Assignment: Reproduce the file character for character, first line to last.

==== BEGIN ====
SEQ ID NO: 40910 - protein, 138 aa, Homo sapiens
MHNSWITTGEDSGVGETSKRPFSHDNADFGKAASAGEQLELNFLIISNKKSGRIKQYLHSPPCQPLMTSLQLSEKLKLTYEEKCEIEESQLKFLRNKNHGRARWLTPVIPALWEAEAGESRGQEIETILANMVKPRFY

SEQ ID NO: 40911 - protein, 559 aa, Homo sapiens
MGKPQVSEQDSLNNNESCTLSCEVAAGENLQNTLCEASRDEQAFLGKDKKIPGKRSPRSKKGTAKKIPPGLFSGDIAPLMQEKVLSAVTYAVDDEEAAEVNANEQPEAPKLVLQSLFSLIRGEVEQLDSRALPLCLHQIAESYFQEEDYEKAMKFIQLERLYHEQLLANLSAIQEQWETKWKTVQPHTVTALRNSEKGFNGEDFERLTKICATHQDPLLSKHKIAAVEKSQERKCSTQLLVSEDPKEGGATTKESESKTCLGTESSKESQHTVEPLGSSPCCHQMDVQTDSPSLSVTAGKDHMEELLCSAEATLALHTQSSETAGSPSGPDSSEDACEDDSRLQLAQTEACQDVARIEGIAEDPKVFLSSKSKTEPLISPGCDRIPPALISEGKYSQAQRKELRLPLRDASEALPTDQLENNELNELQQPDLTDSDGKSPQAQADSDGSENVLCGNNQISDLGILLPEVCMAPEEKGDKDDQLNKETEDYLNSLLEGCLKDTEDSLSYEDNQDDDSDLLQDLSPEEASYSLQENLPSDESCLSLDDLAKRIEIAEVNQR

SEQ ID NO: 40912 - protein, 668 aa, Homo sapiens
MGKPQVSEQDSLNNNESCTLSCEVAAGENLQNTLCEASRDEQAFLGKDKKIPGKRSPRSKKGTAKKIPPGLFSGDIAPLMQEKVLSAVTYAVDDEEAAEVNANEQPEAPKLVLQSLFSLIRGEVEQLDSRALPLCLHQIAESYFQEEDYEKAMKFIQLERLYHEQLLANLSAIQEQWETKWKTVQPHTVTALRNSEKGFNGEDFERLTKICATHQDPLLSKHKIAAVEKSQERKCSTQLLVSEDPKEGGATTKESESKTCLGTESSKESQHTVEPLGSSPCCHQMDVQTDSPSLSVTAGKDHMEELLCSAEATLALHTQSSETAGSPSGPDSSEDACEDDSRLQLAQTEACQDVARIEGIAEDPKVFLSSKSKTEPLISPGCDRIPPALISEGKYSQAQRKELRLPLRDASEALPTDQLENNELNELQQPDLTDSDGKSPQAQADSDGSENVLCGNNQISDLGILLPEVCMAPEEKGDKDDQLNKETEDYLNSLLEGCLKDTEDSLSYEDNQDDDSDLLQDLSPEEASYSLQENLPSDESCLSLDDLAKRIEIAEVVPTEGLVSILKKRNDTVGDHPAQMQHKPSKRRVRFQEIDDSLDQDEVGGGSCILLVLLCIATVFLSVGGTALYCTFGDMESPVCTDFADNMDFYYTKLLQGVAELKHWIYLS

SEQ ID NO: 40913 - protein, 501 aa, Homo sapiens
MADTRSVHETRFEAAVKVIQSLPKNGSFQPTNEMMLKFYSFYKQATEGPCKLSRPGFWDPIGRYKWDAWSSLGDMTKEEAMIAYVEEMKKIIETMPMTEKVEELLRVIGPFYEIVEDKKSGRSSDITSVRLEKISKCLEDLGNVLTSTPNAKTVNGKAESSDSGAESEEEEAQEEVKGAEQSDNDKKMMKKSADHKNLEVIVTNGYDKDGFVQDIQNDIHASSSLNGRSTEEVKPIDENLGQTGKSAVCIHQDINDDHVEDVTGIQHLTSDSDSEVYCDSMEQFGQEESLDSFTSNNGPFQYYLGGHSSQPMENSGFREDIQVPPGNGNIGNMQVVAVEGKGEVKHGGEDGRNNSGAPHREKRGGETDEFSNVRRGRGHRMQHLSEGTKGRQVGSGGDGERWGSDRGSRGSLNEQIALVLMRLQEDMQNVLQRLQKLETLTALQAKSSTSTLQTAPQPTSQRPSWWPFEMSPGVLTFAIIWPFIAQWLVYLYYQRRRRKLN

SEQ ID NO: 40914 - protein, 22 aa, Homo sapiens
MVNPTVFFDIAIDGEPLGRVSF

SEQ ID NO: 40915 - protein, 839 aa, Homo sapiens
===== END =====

SEQ ID NO: 40910 - protein, 138 aa, Homo sapiens
MHNSWITTGEDSGVGETSKRPFSHDNADFGKAASAGEQLELNFLIISNKKSGRIKQYLHSPPCQPLMTSLQLSEKLKLTYEEKCEIEESQLKFLRNKNHGRARWLTPVIPALWEAEAGESRGQEIETILANMVKPRFY

SEQ ID NO: 40911 - protein, 559 aa, Homo sapiens
MGKPQVSEQDSLNNNESCTLSCEVAAGENLQNTLCEASRDEQAFLGKDKKIPGKRSPRSKKGTAKKIPPGLFSGDIAPLMQEKVLSAVTYAVDDEEAAEVNANEQPEAPKLVLQSLFSLIRGEVEQLDSRALPLCLHQIAESYFQEEDYEKAMKFIQLERLYHEQLLANLSAIQEQWETKWKTVQPHTVTALRNSEKGFNGEDFERLTKICATHQDPLLSKHKIAAVEKSQERKCSTQLLVSEDPKEGGATTKESESKTCLGTESSKESQHTVEPLGSSPCCHQMDVQTDSPSLSVTAGKDHMEELLCSAEATLALHTQSSETAGSPSGPDSSEDACEDDSRLQLAQTEACQDVARIEGIAEDPKVFLSSKSKTEPLISPGCDRIPPALISEGKYSQAQRKELRLPLRDASEALPTDQLENNELNELQQPDLTDSDGKSPQAQADSDGSENVLCGNNQISDLGILLPEVCMAPEEKGDKDDQLNKETEDYLNSLLEGCLKDTEDSLSYEDNQDDDSDLLQDLSPEEASYSLQENLPSDESCLSLDDLAKRIEIAEVNQR

SEQ ID NO: 40912 - protein, 668 aa, Homo sapiens
MGKPQVSEQDSLNNNESCTLSCEVAAGENLQNTLCEASRDEQAFLGKDKKIPGKRSPRSKKGTAKKIPPGLFSGDIAPLMQEKVLSAVTYAVDDEEAAEVNANEQPEAPKLVLQSLFSLIRGEVEQLDSRALPLCLHQIAESYFQEEDYEKAMKFIQLERLYHEQLLANLSAIQEQWETKWKTVQPHTVTALRNSEKGFNGEDFERLTKICATHQDPLLSKHKIAAVEKSQERKCSTQLLVSEDPKEGGATTKESESKTCLGTESSKESQHTVEPLGSSPCCHQMDVQTDSPSLSVTAGKDHMEELLCSAEATLALHTQSSETAGSPSGPDSSEDACEDDSRLQLAQTEACQDVARIEGIAEDPKVFLSSKSKTEPLISPGCDRIPPALISEGKYSQAQRKELRLPLRDASEALPTDQLENNELNELQQPDLTDSDGKSPQAQADSDGSENVLCGNNQISDLGILLPEVCMAPEEKGDKDDQLNKETEDYLNSLLEGCLKDTEDSLSYEDNQDDDSDLLQDLSPEEASYSLQENLPSDESCLSLDDLAKRIEIAEVVPTEGLVSILKKRNDTVGDHPAQMQHKPSKRRVRFQEIDDSLDQDEVGGGSCILLVLLCIATVFLSVGGTALYCTFGDMESPVCTDFADNMDFYYTKLLQGVAELKHWIYLS

SEQ ID NO: 40913 - protein, 501 aa, Homo sapiens
MADTRSVHETRFEAAVKVIQSLPKNGSFQPTNEMMLKFYSFYKQATEGPCKLSRPGFWDPIGRYKWDAWSSLGDMTKEEAMIAYVEEMKKIIETMPMTEKVEELLRVIGPFYEIVEDKKSGRSSDITSVRLEKISKCLEDLGNVLTSTPNAKTVNGKAESSDSGAESEEEEAQEEVKGAEQSDNDKKMMKKSADHKNLEVIVTNGYDKDGFVQDIQNDIHASSSLNGRSTEEVKPIDENLGQTGKSAVCIHQDINDDHVEDVTGIQHLTSDSDSEVYCDSMEQFGQEESLDSFTSNNGPFQYYLGGHSSQPMENSGFREDIQVPPGNGNIGNMQVVAVEGKGEVKHGGEDGRNNSGAPHREKRGGETDEFSNVRRGRGHRMQHLSEGTKGRQVGSGGDGERWGSDRGSRGSLNEQIALVLMRLQEDMQNVLQRLQKLETLTALQAKSSTSTLQTAPQPTSQRPSWWPFEMSPGVLTFAIIWPFIAQWLVYLYYQRRRRKLN

SEQ ID NO: 40914 - protein, 22 aa, Homo sapiens
MVNPTVFFDIAIDGEPLGRVSF

SEQ ID NO: 40915 - protein, 839 aa, Homo sapiens